IFFI has the potential to be No 1 in Asia: Shankar Mohan
And he been director of IFFI for five years now, and in an email interview with HT, on the eve of the festival, starting on November 20 in Panaji, Shankar Mohan spoke about how the prestigious annual cinematic event had evolved over the years.india Updated: Nov 20, 2014 11:47 IST
Shankar Mohan has been part of the Directorate of Film Festivals for 25 years, which organises the International Film Festival of India (IFFI). And he been director of IFFI for five years now, and in an email interview with Hindustan Times, on the eve of the festival, starting on November 20 in Panaji, Mohan spoke about how the prestigious annual cinematic event had evolved over the years, and how he hoped it would travel further in the years to come.
Excerpts from the interview.
HT: You have been part of IFFI for 25 years and the last five years as the director. How have you seen the festival evolve?
Shankar Mohan: Since 1952, the vision and dream of IFFI has always been to curate and showcase the most thought-provoking and exceptional films from the world over. According to me, it was a brave attempt for a country which got its independence in 1947 to begin the culture of a movie festival and celebrate the art form of cinema. When I joined the festival in 1990, there were no computers, no fax machines and also no internet. International correspondences were sent through a telex machine. For long distance calls, we used to book trunk calls and wait for the telephone exchange to connect and call us back.
For overseas calls, we needed to wait in office till very late in the night owing to time difference. There were no photocopying machines, and cyclostyle machines were instead used then. Still the team was highly motivated to pull in films from the world over. Of course, those days, we could not get many entries.
Today, the festival is one of the biggest in Asia, and for our 45th edition, beginning in a few days from now, we are expecting some 12,000 delegates with about 80 countries participating. But we still have a long way to go.
HT: Have you ever felt that there should have been greater focus on Asian cinema?
SM: IFFI started the culture of a movie festival in Asia. Our focus was always to bring in the most significant films of the world -- whether from Europe, the USA, Nordic countries, South Asia or even from India. One of the best features of IFFI has been to showcase movies from countries without any cinema industry, like, for instance, Afghanistan, Azerbaijan, Mauritania, Morocco, Sri Lanka, Taiwan, etc.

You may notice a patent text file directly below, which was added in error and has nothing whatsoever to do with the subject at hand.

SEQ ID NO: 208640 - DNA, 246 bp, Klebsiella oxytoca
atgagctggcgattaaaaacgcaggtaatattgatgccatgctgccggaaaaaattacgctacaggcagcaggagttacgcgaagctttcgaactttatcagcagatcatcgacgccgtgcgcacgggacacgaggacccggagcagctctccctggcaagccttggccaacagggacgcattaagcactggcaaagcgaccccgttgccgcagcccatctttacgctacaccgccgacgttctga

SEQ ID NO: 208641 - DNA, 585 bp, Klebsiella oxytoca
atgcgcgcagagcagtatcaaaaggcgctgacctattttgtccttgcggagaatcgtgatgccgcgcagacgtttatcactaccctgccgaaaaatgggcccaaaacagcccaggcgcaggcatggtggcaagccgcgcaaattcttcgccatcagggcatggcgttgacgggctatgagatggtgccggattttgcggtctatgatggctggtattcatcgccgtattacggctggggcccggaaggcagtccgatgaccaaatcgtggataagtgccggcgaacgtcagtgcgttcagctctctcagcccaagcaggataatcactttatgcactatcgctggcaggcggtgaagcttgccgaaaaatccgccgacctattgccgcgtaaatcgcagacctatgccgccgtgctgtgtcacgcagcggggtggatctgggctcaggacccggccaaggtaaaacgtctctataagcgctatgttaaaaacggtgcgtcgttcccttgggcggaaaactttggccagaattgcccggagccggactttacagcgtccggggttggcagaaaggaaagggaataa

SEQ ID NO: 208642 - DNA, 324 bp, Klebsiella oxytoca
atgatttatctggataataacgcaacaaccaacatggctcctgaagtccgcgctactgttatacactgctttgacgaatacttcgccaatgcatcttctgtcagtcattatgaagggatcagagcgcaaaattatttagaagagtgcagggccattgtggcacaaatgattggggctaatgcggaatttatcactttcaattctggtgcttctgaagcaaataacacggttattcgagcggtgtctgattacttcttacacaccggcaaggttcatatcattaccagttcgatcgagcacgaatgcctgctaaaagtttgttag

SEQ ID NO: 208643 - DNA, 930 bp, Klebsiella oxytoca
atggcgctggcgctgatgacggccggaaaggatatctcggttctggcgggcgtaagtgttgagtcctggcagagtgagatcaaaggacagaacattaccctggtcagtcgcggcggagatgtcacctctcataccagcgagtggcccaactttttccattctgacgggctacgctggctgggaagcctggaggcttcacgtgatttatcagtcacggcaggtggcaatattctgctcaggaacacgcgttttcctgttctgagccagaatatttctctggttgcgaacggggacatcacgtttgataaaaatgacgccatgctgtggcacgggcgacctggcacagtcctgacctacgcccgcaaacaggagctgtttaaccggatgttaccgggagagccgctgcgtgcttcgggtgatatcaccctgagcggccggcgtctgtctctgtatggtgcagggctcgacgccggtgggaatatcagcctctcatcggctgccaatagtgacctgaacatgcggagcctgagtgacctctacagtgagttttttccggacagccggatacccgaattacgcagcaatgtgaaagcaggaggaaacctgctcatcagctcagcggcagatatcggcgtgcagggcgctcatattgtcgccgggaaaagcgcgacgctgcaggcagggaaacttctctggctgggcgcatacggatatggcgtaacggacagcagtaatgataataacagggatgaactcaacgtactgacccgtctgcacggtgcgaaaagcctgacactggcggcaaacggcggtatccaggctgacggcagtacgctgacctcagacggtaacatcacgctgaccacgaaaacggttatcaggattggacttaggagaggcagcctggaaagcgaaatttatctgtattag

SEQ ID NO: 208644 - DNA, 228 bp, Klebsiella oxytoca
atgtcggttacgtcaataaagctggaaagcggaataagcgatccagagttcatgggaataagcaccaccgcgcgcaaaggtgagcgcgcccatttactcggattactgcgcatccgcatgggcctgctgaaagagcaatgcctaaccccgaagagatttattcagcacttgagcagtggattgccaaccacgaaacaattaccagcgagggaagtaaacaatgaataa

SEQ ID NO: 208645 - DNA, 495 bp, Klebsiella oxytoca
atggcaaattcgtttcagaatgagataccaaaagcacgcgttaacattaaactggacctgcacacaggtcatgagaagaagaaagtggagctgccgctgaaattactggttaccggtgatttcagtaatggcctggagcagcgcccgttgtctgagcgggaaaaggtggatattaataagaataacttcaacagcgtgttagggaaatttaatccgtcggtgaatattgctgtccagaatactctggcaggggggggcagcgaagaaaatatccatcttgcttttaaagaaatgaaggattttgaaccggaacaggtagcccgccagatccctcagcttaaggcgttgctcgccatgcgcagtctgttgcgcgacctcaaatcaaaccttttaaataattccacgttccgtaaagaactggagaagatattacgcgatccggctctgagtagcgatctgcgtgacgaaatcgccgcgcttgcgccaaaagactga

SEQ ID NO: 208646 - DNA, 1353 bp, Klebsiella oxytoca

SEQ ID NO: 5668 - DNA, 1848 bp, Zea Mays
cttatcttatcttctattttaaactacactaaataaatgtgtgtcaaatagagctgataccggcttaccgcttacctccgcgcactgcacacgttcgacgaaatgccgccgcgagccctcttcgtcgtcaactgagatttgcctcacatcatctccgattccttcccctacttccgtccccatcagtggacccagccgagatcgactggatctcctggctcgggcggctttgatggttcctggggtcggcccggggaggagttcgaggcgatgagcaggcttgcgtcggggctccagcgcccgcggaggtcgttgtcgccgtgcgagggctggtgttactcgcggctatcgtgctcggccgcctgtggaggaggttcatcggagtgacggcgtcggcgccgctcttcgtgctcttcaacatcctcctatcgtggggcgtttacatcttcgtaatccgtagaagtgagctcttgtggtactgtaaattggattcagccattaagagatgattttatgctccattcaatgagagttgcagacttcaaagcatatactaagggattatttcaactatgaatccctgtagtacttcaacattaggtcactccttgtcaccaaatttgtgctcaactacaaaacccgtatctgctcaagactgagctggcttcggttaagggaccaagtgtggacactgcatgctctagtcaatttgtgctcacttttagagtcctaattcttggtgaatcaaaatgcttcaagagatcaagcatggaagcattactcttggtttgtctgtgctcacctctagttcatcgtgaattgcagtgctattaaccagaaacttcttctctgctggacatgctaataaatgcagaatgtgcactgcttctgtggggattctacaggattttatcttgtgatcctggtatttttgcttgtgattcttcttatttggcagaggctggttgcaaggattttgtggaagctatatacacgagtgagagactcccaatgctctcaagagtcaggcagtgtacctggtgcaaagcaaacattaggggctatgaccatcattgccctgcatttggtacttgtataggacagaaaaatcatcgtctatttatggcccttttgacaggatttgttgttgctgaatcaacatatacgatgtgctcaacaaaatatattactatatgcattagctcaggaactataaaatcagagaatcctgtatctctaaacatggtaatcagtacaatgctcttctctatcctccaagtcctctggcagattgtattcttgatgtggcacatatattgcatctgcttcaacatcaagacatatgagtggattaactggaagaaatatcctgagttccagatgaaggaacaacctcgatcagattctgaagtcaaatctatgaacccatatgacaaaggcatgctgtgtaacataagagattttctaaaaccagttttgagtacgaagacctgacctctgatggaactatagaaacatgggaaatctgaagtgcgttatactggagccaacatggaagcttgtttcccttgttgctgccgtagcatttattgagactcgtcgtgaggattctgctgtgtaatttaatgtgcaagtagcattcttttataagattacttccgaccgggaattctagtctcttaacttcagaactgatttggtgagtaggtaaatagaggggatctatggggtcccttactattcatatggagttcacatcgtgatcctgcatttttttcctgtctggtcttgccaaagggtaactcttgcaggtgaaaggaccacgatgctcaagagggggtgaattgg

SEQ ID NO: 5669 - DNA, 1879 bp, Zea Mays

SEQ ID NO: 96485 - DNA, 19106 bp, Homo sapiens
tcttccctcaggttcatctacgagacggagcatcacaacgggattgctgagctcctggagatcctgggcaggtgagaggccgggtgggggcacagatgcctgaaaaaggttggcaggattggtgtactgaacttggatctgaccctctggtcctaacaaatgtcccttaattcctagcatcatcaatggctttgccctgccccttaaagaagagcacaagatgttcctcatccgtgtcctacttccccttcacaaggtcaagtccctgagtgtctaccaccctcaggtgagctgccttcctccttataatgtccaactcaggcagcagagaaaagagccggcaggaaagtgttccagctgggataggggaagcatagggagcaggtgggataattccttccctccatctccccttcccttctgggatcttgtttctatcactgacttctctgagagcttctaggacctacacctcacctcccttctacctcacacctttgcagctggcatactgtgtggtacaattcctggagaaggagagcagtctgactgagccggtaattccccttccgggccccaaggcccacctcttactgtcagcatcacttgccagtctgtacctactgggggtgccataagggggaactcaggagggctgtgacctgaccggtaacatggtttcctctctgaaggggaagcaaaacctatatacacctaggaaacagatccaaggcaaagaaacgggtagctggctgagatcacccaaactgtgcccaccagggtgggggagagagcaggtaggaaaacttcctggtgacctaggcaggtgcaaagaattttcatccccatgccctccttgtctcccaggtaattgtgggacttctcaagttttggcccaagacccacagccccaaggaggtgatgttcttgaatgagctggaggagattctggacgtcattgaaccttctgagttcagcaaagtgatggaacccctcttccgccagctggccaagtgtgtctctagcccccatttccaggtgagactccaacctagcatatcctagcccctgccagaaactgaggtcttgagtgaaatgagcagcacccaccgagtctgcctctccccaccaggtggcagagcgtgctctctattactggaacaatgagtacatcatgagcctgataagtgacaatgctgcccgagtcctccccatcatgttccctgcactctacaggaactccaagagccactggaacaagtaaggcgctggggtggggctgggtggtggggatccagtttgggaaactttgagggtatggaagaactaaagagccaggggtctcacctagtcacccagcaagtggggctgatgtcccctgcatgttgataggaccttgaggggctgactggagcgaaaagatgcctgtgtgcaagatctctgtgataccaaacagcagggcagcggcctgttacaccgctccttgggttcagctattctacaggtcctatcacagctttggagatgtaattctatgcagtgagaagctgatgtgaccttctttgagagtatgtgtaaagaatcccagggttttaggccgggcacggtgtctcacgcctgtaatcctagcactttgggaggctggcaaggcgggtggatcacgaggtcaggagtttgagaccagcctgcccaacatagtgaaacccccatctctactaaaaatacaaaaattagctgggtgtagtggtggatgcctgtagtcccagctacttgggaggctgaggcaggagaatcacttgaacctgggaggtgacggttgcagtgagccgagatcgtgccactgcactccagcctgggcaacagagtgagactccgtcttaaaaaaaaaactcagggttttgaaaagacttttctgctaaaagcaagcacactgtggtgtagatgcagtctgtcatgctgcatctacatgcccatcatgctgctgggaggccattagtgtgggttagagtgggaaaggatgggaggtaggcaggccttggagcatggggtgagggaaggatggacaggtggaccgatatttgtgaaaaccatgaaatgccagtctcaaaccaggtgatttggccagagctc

Asia was always high on our priority, and there have always been a good number of films from the region. In fact, China will be our country focus this year and the festival will be presenting a package of fine movies from there. We have also been having a section for three years called Soul of Asia, where a selection of films captures the essence, style, life and spirit of Asia.
We are introducing this year a category called, Frames: A Window on South Asian Cinema, which will screen one outstanding movie from each of the eight SAARC nations.
HT: What about Indian cinema? Do we need to promote Indian Panorama more aggressively?
SM: The section on Indian Panorama was initiated in 1978. It was intended to show some of the finest Indian films. The Panorama section has feature and non-feature categories, and the movies are chosen very carefully by a jury of highly renowned Indian film personalities, including critics. Two movies are picked from the panorama for international competition. This year, 600 submissions were made for panorama. In the final round, 26 features and 15 non-features were chosen.
HT: As a director, have you steered the festival towards a goal that you might have dreamt of or wished for?
SM: I worked for the festival for 25 years and every year I wanted to take IFFI one step ahead from its previous edition. When I took over as director, I reintroduced the Life Time Achievement Award, and introduced world competition section (with a prize money that is one of the highest among Asian movie festivals) as well as master classes and workshops for students. A category dedicated to cinema from the north-east also happened in recent years.
These are some things which I had always wanted IFFI to have.
HT: Any major festival in the world must have the right mix of content and glamour. Has IFFI been able to achieve this?
SM: Yes, without any doubt. I can say that we have been able to achieve this. But this did not happen easily. A lot of effort went into this. Over the years, you will see that IFFI has been attracting more and more entries, and we have 80 countries in this time. And some of the finest names in international cinema -- Majid Majidi, Kim Ki Duk, Peter Chan, Michael Winterbottom, Susan Sarandon and Krzysztof Zanussi - have been at IFFI. These names may not exactly be part of the glamour world, but, then, they are the ones who would add a lot of weightage to any festival.
HT: Is there a possibility that IFFI could become the number one festival in Asia, once dreamt of by the directorate?
SM: There are infinite possibilities. IFFI has the potential to become the leading festival in Asia, and one among the top in the world. In the past six decades, we have come this far, and I am sure that we will each greater heights.
HT: What are the highlights of this year's IFFI?
SM: The 45th edition has on offer 300 films. There are retrospectives of Gulzar, Jeon Soo Il (South Korea), and Mohsen Makhmalbaf (Iran), and a poster exhibition of the movies of Poland's Krzysztof Kieslowski, among other features.
(Gautaman Bhaskaran will cover IFFI for Hindustan Times.)